For the past several hours, I have been listening to something that is giving me great joy. The narcissistic fact about this is that it is one of my own songs: “Pulling Nails”. The reason it’s making me so happy is that I am hearing it in ways that I have not been able to realize until now.
I think I’ve shared here that I am in the process of putting together a collection that will be released as an EP sometime in the coming months. I don’t have the timeline quite yet, but I know what songs are going to be on it, I know what order they’re going to go in, and I’m already starting to put together the artwork for the collection. All of the basic recording has been done (I think — I am prepared to be wrong). What needs to be done now is the mixing and mastering.
In the past, I would’ve done all of the mixing myself, and then used an online provider to do the mastering. As I’ve also mentioned before, this time Terrance Reeves has been working with me on the mixing. And it’s been a revelation!
As a musician and a recording engineer, I am not without some degree of chops. I don’t know everything, I am constantly learning, and it’s not what I do all the time, so I don’t necessarily have all of the skills that I would want to have. However, and more importantly in recording my own music, there is one fundamental necessity that I lack – and that’s objectivity and perspective.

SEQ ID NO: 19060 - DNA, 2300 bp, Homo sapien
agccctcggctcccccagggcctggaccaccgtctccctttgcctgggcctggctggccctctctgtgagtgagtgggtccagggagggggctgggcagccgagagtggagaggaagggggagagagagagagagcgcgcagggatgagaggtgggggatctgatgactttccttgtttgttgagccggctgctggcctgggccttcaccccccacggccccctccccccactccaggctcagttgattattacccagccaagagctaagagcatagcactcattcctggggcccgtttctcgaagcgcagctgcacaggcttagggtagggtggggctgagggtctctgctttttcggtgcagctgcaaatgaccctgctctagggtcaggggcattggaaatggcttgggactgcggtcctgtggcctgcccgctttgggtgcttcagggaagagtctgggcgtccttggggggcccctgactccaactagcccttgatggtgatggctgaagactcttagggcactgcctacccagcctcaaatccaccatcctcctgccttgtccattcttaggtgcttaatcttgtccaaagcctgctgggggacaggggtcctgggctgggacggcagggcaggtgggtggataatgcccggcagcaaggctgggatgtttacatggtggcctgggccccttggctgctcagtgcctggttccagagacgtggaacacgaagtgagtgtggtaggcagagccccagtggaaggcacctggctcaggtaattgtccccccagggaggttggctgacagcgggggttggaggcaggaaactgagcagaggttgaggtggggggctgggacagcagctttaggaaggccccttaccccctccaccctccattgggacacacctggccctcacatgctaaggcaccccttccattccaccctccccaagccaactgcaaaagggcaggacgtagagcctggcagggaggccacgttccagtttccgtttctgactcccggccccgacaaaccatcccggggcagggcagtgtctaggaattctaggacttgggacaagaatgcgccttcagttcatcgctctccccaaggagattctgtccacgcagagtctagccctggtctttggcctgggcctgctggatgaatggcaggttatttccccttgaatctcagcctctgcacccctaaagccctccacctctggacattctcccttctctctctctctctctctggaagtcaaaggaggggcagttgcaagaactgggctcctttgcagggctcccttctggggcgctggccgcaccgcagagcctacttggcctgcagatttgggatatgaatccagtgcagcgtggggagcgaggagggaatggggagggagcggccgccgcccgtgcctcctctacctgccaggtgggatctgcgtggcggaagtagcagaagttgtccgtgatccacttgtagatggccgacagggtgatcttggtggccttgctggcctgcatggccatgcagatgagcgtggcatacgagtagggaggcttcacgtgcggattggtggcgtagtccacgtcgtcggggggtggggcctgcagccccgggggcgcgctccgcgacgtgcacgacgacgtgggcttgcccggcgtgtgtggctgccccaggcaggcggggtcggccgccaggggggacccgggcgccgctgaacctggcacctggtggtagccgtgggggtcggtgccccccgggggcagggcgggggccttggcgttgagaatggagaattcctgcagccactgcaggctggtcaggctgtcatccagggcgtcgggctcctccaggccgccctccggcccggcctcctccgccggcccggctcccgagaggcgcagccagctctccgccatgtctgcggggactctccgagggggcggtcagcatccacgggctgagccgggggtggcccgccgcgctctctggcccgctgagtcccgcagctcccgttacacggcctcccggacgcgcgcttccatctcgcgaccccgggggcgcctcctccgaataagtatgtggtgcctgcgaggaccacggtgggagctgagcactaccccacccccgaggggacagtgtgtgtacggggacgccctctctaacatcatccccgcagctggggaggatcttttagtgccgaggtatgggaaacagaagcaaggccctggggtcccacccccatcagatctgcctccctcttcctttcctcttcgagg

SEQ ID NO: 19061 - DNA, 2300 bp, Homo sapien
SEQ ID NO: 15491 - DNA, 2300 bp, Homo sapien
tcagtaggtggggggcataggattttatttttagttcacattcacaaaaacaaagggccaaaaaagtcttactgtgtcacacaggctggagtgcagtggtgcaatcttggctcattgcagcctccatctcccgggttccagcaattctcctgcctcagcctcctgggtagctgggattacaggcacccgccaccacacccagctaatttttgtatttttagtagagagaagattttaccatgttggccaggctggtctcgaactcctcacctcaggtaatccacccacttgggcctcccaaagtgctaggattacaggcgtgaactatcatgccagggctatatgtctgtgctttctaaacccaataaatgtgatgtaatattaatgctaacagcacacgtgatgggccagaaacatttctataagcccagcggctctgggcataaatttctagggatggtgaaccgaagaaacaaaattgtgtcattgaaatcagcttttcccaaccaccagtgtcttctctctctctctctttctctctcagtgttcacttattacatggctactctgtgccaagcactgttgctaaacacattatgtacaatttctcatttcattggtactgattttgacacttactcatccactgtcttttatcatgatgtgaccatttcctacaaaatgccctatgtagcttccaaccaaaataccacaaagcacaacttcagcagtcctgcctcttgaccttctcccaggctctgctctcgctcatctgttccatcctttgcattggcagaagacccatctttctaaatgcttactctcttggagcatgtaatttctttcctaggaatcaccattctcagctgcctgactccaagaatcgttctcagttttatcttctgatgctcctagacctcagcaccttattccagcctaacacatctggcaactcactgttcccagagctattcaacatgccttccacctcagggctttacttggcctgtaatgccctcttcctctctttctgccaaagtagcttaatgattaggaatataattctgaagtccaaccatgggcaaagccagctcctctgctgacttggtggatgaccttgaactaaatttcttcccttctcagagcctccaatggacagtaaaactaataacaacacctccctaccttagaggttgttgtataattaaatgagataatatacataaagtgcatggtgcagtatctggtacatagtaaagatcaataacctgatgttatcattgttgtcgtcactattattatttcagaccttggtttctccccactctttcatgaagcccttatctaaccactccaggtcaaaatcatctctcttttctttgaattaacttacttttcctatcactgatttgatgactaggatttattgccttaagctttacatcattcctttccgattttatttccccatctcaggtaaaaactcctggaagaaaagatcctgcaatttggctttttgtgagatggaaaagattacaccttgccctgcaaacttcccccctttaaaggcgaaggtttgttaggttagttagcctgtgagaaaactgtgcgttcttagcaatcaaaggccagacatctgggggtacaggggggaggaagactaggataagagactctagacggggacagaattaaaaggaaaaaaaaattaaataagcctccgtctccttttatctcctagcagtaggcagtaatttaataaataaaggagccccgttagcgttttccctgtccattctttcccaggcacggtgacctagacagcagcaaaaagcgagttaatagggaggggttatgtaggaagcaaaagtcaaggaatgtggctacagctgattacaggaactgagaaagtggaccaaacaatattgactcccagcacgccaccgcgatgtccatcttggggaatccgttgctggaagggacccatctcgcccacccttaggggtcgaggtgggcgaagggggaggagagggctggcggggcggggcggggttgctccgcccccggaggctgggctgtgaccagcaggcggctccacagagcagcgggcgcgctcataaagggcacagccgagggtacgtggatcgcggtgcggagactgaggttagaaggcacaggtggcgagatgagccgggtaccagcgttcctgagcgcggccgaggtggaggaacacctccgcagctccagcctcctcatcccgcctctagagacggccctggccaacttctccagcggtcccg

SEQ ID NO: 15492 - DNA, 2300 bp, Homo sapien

As I’ve been listening to the various mixes Terrance has sent me of “In A Minor Key”, “Clouds”, and “Pulling Nails”, I’m noticing he has found things not just in the recordings but in the songs themselves that either I had given up on unconsciously, or never even realized were there. He has been able to give them groove and flow and narrative.
He’s also been able to listen to the songs from the outside and ask questions about what I think the song is about, the emotions it should inspire, and how I’d like the listener to hear this song. And since he hasn’t been with it from conception through arrangement and recording, he can put forth ideas that I don’t have the perspective to think of.
It’s important to remember that collaboration provides a chance to enhance your art. In no way is it about sacrificing your vision: in fact, it is the chance to be able to know that your vision is getting through to your audience in the way you want it to.
Collaboration also makes the act of creation much less lonely. And in the present day, that has a tremendous value all its own.
So, here’s a little sneak peek – but only a peek. Stay tuned and I am so looking forward to sharing the finished product with you really, really soon.